FOR IMMEDIATE RELEASE: MAY 4, 2018
CONTACT: JOHN DE LOS ANGELES | firstname.lastname@example.org | 650-438-1961
(OAKLAND, CA) – A California Superior Court rejected the University of California’s attempt to block more than 700 of its workers from participating in a planned May 7-9 strike. Instead, it has sided with the Public Employment Relations Board (PERB) and AFSCME Local 3299—the union that is leading next week’s strike—in requiring only a small number of critical medical workers to report for work.
In the past, UC has filed and failed to secure similar injunctions seeking to stop its workers from engaging in legally protected strike activity. In announcing its strike, AFSCME also announced the formation of a Patient Protection Task Force comprised of striking workers who would be available to meet urgent medical needs at UC hospitals in the event that UC’s strike contingency plans break down.
The strike follows more than a year of stalled negotiations, the University’s recent decision to unilaterally impose higher healthcare premiums, more outsourcing of its lowest wage service workers, and new research that revealed increasingly unequal treatment of women and people of color performing service jobs at the University. State lawmakers also denounced UC administrators on Friday for failing to “negotiate in good faith.”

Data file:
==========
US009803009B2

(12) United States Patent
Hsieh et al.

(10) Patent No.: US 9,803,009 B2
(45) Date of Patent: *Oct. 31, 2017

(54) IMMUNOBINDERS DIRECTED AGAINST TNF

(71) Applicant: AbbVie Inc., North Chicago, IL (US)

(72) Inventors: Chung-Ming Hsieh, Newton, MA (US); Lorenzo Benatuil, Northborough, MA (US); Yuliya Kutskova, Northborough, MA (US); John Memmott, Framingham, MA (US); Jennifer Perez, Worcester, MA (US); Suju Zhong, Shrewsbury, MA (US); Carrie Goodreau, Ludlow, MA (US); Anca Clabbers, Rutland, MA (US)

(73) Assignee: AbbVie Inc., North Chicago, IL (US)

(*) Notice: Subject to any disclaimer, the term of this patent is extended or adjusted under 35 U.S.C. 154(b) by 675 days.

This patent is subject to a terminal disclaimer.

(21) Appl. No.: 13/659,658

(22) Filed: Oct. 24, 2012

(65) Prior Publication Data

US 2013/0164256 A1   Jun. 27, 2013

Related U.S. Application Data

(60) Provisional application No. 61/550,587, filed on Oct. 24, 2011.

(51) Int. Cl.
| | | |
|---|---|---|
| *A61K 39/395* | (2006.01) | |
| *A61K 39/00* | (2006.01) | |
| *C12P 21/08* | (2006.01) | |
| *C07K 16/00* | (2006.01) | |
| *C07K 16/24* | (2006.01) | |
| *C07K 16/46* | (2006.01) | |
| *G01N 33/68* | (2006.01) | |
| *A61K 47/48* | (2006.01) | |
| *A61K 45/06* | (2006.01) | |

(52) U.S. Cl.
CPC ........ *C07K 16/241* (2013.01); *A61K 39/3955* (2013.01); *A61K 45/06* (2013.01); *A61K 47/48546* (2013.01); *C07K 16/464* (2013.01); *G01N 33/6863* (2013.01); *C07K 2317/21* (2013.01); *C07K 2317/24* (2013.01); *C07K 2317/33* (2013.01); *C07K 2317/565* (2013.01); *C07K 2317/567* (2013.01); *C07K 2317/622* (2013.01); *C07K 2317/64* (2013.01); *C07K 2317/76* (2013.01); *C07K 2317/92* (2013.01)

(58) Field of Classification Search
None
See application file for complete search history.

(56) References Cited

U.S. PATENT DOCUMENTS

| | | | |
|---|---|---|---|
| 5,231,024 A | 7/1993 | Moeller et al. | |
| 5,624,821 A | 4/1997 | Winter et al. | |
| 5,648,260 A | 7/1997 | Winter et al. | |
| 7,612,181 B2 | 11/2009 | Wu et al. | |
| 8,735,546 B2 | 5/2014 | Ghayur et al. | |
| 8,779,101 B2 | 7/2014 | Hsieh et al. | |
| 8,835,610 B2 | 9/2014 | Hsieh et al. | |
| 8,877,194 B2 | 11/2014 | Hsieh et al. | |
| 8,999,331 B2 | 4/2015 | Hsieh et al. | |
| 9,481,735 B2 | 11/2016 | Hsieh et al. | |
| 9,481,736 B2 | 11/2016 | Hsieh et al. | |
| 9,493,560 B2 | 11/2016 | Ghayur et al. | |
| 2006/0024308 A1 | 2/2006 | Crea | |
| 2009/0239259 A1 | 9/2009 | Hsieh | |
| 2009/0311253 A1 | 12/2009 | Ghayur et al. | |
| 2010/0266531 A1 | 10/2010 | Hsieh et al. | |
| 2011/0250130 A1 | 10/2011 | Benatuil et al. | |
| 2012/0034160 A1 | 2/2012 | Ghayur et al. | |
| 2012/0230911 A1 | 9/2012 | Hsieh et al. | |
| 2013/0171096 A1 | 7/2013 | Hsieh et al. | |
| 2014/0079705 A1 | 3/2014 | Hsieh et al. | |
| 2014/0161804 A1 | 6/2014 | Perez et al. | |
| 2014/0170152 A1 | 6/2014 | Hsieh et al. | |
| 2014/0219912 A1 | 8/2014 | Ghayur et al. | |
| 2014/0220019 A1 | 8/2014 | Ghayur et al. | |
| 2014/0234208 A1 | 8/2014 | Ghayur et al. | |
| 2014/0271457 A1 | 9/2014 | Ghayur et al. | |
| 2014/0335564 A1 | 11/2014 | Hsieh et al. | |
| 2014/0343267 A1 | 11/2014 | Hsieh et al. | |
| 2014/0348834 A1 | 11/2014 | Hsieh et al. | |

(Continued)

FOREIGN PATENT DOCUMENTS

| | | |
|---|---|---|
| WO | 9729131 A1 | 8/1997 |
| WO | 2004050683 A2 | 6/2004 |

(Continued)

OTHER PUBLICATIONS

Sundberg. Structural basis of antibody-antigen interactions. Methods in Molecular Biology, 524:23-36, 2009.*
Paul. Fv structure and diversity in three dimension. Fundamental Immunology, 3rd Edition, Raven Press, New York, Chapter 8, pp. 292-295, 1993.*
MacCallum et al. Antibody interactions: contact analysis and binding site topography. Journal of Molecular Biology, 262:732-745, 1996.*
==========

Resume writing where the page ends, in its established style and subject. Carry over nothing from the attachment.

In response to today’s developments, AFSCME Local 3299 President Kathryn Lybarger issued the following statement:
“We’re pleased that the courts have affirmed the right of UC workers to strike. This strike would not be necessary but for UC’s refusal to honor its responsibility to treat women, immigrants, and people of color equally. UC’s attempts to block this strike were just another desperate attempt by Administrators to silence workers who are exercising their legal right to speak up against widening inequality at the University.
“The reality is that even as AFSCME represented workers stand up to inequality at the University, they remain committed to putting UC patients first through our Patient Protection Task Force—even though the onus of preparing for such contingencies is on UC. As UC continues its efforts to silence workers and perpetuate unequal treatment of women and people of color, we will continue to advocate for fairness, while prioritizing public health and safety.”
UC’s efforts to also block large numbers of workers represented by the California Nurses Association and the University Professional and Technical Employees—each of whom have announced plans to join AFSCME represented patient care workers in a sympathy strike—were also rejected.
Last modified: May 4, 2018